When dating as an echoist, it is helpful to practice emotional individuation—which means having an independent emotional identity from others. Agreeable people are often warm, friendly, and tactful; however, being too agreeable can be a trauma response called fawning. In his book Complex PSTD: From Surviving to Thriving, author and therapist Pete Walker defines fawning as the act of trying to become more appealing to others by people-pleasing or avoiding conflict to sustain a sense of safety, which can further imbed echoist personality traits.

Gaslighters, narcissists, and other emotional abusers aim to erode the emotional individuation of a prospective partner so they can maintain power within the relationship. This creates a cascade of events when dating. Past exposure to an emotionally abusive person (whether in childhood or in other relationships) can lead to the fawning trauma response, which, over time, can evolve into an echoist personality, making it difficult to effectively find a partner that reflects what you are truly looking for.

The best way to counteract this issue is to practice emotional individuation at the very start of dating. If you are dating online or in apps, practice individuation by being specific about your wants and needs on your dating profile. Creating a “wish list” of your nonnegotiables for a partner is a fun and healthy exercise to discover what these qualities and traits may be. Once you do meet someone (in person or virtually), try to work against any tendencies to appease or please and, rather, express your own individual preferences. If spontaneously identifying your preferences in the moment is a struggle, (especially after a long history of echoism), journaling or playing a 20-questions game with yourself can be helpful. Simple things such as identifying your favorite bands, movies, colors, foods, and so forth are a good place to start. You can also take it a step further by identifying your thoughts on deeper issues that reflect your morals. Sharing these thoughts and preferences on a date (even the first one) is not aggressive or pushy—rather, it is healthy and smart.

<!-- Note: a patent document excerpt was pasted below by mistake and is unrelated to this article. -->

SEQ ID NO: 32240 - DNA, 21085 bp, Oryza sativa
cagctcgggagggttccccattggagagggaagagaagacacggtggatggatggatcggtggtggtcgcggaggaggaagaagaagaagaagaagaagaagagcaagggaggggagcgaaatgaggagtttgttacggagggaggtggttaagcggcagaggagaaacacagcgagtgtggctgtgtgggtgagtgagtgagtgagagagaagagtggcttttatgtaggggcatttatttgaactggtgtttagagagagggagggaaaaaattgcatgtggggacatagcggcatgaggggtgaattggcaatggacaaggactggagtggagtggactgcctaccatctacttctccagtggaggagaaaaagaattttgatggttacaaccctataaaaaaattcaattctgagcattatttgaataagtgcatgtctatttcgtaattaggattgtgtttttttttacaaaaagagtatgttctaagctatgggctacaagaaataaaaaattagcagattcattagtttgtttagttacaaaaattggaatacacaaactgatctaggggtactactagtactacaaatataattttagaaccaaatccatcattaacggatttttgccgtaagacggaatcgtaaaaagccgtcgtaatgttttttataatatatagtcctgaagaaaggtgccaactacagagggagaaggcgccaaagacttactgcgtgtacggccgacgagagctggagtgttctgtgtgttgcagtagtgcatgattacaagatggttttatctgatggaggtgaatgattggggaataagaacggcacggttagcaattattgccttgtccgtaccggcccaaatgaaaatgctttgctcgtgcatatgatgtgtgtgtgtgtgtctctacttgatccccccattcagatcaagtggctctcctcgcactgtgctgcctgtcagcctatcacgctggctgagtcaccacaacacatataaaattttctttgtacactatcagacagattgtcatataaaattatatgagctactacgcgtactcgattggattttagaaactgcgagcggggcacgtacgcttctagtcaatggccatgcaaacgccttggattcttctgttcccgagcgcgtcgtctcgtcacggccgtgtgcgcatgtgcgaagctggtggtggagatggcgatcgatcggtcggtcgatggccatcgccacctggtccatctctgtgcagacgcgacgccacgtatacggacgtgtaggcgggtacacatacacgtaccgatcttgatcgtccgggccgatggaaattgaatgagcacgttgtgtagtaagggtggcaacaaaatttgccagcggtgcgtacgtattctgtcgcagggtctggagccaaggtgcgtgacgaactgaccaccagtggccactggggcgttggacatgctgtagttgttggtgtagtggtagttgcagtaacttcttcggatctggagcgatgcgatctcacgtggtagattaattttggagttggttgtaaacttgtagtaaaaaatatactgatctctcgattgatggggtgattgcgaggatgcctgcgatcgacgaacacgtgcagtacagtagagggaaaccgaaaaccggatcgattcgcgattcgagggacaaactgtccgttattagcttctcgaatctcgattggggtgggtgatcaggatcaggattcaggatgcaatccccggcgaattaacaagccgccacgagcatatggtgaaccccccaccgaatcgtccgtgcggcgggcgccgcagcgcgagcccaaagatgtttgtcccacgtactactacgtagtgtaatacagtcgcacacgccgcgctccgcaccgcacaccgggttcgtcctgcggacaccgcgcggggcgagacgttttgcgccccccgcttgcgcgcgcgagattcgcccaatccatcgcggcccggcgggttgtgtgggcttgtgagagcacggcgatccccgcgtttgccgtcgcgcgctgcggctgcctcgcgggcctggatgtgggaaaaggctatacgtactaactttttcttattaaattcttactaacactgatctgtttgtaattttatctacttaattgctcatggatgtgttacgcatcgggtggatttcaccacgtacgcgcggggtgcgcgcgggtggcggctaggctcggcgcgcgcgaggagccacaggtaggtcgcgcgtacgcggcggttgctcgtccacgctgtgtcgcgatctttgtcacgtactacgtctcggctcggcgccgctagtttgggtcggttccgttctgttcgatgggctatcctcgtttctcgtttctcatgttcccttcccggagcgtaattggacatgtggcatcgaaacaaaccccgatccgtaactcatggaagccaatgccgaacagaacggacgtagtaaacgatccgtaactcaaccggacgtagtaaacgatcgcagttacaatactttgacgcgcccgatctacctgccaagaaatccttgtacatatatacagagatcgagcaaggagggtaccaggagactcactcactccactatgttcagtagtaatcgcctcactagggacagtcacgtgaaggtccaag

A few other ideas to help you continue strengthening your emotional individuation:

  • Take a moment to think of an answer when someone asks your opinion and fight the urge to say “I don’t know” even if you feel ambivalent at the time.
  • Remember, if someone disagrees with your opinion, you did nothing wrong. Take a deep breath and remind yourself that your opinion is valuable, and you have a right to share it.
  • Assess your current relationships for whether you feel safe expressing yourself—if you do not, determine if you want to continue them.
  • Remember that repetition is key as echoism can become habitual and takes practice to overcome.

While the fear of personal attention may lead an echoist toward more extroverted, attention-seeking people while dating, many of these assertive people can make wonderful partners. If this person encourages you to express yourself and asks you what you want and need, it is a good sign they have positive intentions. Finding a relationship where all your emotions, including the difficult ones, can be expressed is deeply healing when overcoming the effects of echoism and should be a primary focus when looking for a future partner.

Parts of this post were adapted from my book Gaslighting Recovery for Women: The Complete Guide to Recognizing Manipulation and Achieving Freedom from Emotional Abuse.